WATCH: Aberdeen leave for Burnley as McInnes says Dons can match Clarets on pitch but are league apart in TV cash

Derek McInnes at Dons training this morning
Derek McInnes at Dons training this morning

Boss Derek McInnes reckons the Europa League first leg draw proved there is little separating the Dons from Burnley on the pitch – but accepts there is a chasm off it.

For McInnes that will never change until SPFL chiefs secure a lucrative broadcasting deal that can pour more finance into the Scottish game.

Aberdeen left for the second leg of their Europa League second qualifying round tie with the Clarets today. They secured a 1-1 draw at Pittodrie last week, and headed to Aberdeen Airport after training at the stadium this morning.

They will meet Burnley at Turf Moor tomorrow night.

The current television deal with Sky Sports and BT Sport to screen 60 live Scottish Premiership games between them is for £18.95 million. It expires at the end of the 2019-2020 season.

Scotland’s £18.95m is a pittance compared to the £5.14 billion the same two broadcasters are ploughing into the English Premier League over a three-year deal.

There are similarities between the Dons and Burnley – two provincial clubs with stadiums of around 20,000 capacity and operating against bigger spending clubs.

Yet the knock-on effect of that disparity in television deals saw Aberdeen receive £2.3m for finishing runners-up in the Premiership and Burnley £120m for seventh in England.

In the 1-1 Europa League draw at Pittodrie the Dons attack was led by Sam Cosgrove, a £20,000 signing, while Burnley fielded £15m striker Chris Wood.

But McInnes remains confident the Reds can bridge that gap over 90 minutes tomorrow to progress to the third qualifying round. He said: “When you talk about differences, there is not a big difference between the two clubs.

“However, the huge gap between what we can do and what Burnley can do comes just because of the league they are operating in.

“Burnley can grow and be the animal they are now because of the league they are in.

“They have done brilliant to get there and the financial chasm is huge.

“You see that when there is a £15m striker (Chris Wood).

“Until television companies and finance change we can probably only do so much at times. However, in Aberdeen we have a proud tradition, are a proper club and will continue to be as competitive as we can be.

“Burnley is a game we can win.”

Scotland’s broadcast deal lags way behind nations such as Greece (£50m per season), Denmark (£46m) and Norway (£35m).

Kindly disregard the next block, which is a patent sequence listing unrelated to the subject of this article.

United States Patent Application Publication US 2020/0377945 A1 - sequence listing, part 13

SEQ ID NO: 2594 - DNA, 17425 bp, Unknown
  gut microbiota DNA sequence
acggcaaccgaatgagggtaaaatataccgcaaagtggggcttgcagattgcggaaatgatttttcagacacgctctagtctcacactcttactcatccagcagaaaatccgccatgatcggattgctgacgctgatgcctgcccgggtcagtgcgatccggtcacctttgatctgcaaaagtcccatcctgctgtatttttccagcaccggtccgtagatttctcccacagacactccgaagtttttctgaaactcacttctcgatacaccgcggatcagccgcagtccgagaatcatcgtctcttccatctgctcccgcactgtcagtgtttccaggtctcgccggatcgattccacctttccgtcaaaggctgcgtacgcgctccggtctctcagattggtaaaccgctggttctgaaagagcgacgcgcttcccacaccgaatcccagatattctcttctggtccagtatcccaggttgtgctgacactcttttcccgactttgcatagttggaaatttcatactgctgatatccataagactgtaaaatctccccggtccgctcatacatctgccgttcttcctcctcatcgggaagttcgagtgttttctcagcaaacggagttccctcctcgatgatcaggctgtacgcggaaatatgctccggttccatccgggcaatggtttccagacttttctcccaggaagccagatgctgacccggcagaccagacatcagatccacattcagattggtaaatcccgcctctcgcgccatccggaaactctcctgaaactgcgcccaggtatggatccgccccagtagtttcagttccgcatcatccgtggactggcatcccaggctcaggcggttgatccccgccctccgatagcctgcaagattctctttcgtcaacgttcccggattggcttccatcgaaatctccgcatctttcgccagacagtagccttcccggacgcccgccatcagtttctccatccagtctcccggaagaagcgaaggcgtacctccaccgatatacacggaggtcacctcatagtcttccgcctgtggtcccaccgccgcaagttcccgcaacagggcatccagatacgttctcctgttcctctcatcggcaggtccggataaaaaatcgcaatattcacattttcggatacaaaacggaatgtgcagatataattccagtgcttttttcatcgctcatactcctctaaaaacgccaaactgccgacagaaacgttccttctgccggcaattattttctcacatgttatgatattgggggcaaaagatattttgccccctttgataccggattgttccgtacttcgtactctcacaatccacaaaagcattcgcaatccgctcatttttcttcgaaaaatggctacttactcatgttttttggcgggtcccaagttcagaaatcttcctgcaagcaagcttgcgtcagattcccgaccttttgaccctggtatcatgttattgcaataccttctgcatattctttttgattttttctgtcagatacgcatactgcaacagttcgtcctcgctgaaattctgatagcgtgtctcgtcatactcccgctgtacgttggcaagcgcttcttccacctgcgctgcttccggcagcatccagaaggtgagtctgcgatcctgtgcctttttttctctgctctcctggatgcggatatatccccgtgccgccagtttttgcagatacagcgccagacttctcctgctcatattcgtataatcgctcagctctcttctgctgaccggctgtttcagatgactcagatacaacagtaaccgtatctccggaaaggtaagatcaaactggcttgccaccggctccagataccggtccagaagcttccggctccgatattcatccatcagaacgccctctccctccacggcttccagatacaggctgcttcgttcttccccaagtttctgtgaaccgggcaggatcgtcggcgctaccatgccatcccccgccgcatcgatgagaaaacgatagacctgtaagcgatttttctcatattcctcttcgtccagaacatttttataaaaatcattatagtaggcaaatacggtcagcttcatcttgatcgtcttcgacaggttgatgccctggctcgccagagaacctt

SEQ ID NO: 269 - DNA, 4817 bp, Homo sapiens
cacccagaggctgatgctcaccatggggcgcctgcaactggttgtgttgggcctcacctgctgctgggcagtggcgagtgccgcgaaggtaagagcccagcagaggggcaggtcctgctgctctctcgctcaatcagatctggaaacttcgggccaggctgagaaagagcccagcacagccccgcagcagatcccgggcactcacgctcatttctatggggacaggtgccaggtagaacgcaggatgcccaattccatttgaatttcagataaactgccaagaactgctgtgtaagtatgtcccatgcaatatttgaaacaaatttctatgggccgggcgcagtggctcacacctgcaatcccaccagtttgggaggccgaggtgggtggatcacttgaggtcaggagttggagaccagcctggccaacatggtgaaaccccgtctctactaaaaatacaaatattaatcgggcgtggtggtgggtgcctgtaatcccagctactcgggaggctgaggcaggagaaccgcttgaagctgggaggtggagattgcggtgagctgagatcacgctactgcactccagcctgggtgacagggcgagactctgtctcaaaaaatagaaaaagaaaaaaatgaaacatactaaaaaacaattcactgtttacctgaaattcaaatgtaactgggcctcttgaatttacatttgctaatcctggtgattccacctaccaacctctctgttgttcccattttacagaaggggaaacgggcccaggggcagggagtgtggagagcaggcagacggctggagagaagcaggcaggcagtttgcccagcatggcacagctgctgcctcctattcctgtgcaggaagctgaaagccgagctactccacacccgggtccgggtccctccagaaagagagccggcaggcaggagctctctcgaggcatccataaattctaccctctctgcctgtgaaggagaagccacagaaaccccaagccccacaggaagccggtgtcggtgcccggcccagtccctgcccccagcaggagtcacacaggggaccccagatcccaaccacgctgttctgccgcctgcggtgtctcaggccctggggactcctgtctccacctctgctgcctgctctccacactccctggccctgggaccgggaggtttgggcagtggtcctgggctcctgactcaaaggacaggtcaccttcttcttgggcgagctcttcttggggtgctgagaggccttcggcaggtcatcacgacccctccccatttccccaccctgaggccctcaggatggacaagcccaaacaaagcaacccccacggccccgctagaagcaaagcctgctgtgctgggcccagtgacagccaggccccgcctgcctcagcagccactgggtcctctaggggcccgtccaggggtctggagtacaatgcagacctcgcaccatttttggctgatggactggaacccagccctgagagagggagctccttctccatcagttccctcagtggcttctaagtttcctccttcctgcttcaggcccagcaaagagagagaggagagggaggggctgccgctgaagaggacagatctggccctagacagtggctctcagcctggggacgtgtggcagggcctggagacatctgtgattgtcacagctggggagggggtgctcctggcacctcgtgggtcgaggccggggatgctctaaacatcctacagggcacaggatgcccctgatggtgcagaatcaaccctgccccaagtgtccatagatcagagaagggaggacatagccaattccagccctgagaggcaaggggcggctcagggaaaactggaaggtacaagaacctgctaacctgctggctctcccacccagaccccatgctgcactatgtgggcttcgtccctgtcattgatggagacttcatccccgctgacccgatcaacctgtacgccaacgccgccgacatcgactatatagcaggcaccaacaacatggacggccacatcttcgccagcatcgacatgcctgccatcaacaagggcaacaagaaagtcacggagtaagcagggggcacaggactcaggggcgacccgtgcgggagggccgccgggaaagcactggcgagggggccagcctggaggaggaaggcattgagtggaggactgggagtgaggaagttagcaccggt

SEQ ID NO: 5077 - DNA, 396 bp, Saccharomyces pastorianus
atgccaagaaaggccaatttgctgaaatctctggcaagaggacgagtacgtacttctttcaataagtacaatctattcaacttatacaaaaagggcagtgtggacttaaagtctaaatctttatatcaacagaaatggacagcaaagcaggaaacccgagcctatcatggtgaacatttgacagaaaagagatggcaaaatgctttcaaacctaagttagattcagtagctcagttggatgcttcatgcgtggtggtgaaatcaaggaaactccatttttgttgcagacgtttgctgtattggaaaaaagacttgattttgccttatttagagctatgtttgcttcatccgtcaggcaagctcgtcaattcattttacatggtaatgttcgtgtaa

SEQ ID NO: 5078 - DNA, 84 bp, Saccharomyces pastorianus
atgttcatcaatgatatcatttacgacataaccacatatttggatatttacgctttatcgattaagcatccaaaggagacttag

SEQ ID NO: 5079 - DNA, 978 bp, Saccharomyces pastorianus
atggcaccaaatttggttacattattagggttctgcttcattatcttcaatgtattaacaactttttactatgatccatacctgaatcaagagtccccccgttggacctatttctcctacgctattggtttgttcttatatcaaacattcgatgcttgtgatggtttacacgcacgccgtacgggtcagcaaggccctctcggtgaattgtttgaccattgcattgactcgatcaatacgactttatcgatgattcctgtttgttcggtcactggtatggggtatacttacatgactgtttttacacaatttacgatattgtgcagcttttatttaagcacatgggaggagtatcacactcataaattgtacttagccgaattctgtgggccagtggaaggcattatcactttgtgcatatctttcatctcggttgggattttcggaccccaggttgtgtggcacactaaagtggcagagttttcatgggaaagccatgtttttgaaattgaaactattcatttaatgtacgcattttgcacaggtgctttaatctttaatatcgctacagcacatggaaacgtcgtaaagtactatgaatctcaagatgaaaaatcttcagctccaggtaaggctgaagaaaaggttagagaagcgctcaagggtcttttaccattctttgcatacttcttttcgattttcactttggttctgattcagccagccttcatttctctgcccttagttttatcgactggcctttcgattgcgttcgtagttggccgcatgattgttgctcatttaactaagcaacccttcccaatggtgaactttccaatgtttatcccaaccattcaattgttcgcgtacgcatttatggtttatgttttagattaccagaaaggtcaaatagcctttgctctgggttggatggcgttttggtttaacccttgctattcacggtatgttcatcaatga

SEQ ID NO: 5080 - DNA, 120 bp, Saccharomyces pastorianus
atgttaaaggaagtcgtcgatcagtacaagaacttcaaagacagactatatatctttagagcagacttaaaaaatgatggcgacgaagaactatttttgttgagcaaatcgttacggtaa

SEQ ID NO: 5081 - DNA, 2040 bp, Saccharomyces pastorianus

The gulf between finances in England and Scotland, perhaps Celtic apart, was in the spotlight when Aberdeen sold top scorer Adam Rooney to Salford City, in the fifth tier south of the border, for a six-figure sum.

However, Scottish football received a welcome boost last week with all four teams in European action registering decent results.

Aberdeen drew with top-flight Burnley while Celtic, Rangers and Hibs all won their Euro ties.

If the Dons could win the Battle of Britain with Burnley to set up a third round showdown with Istanbul Basaksehir it would surely silence some critics of the Scottish game.

McInnes doesn’t care.

All that concerns him is Aberdeen progressing to set up a trip to Istanbul.

On possibly changing perceptions of the game in Scotland, he said: “I really couldn’t care less what people think who don’t watch Scottish football.

“It probably still won’t change a lot of people’s opinions, to be honest.

“But I know where we sit.

“I know we are a good team.

“I know our capabilities that we are good enough individually and can be organised as a team, that we can be really competitive.”

Aberdeen today arrived in Burnley and were set to look around the stadium.

They opted to train at Pittodrie this morning before flying down.

McInnes played in England with West Brom and managed Bristol City and believes the perception down there, with those who actually watch the Scottish Premiership, is not all negative.

He said: “I speak to enough players, managers and people within the game in England to know there is still a healthy regard from the majority of people in the game for our league.

“And rightly so.

“Players have moved from the Scottish Premiership to top clubs in England and will continue to do so.

“What other people’s perception of the Scottish league is I really couldn’t care – it is not important to me.

“Our focus is on getting a result at Turf Moor and I have the players to take the challenge on and try to win that game against Burnley.”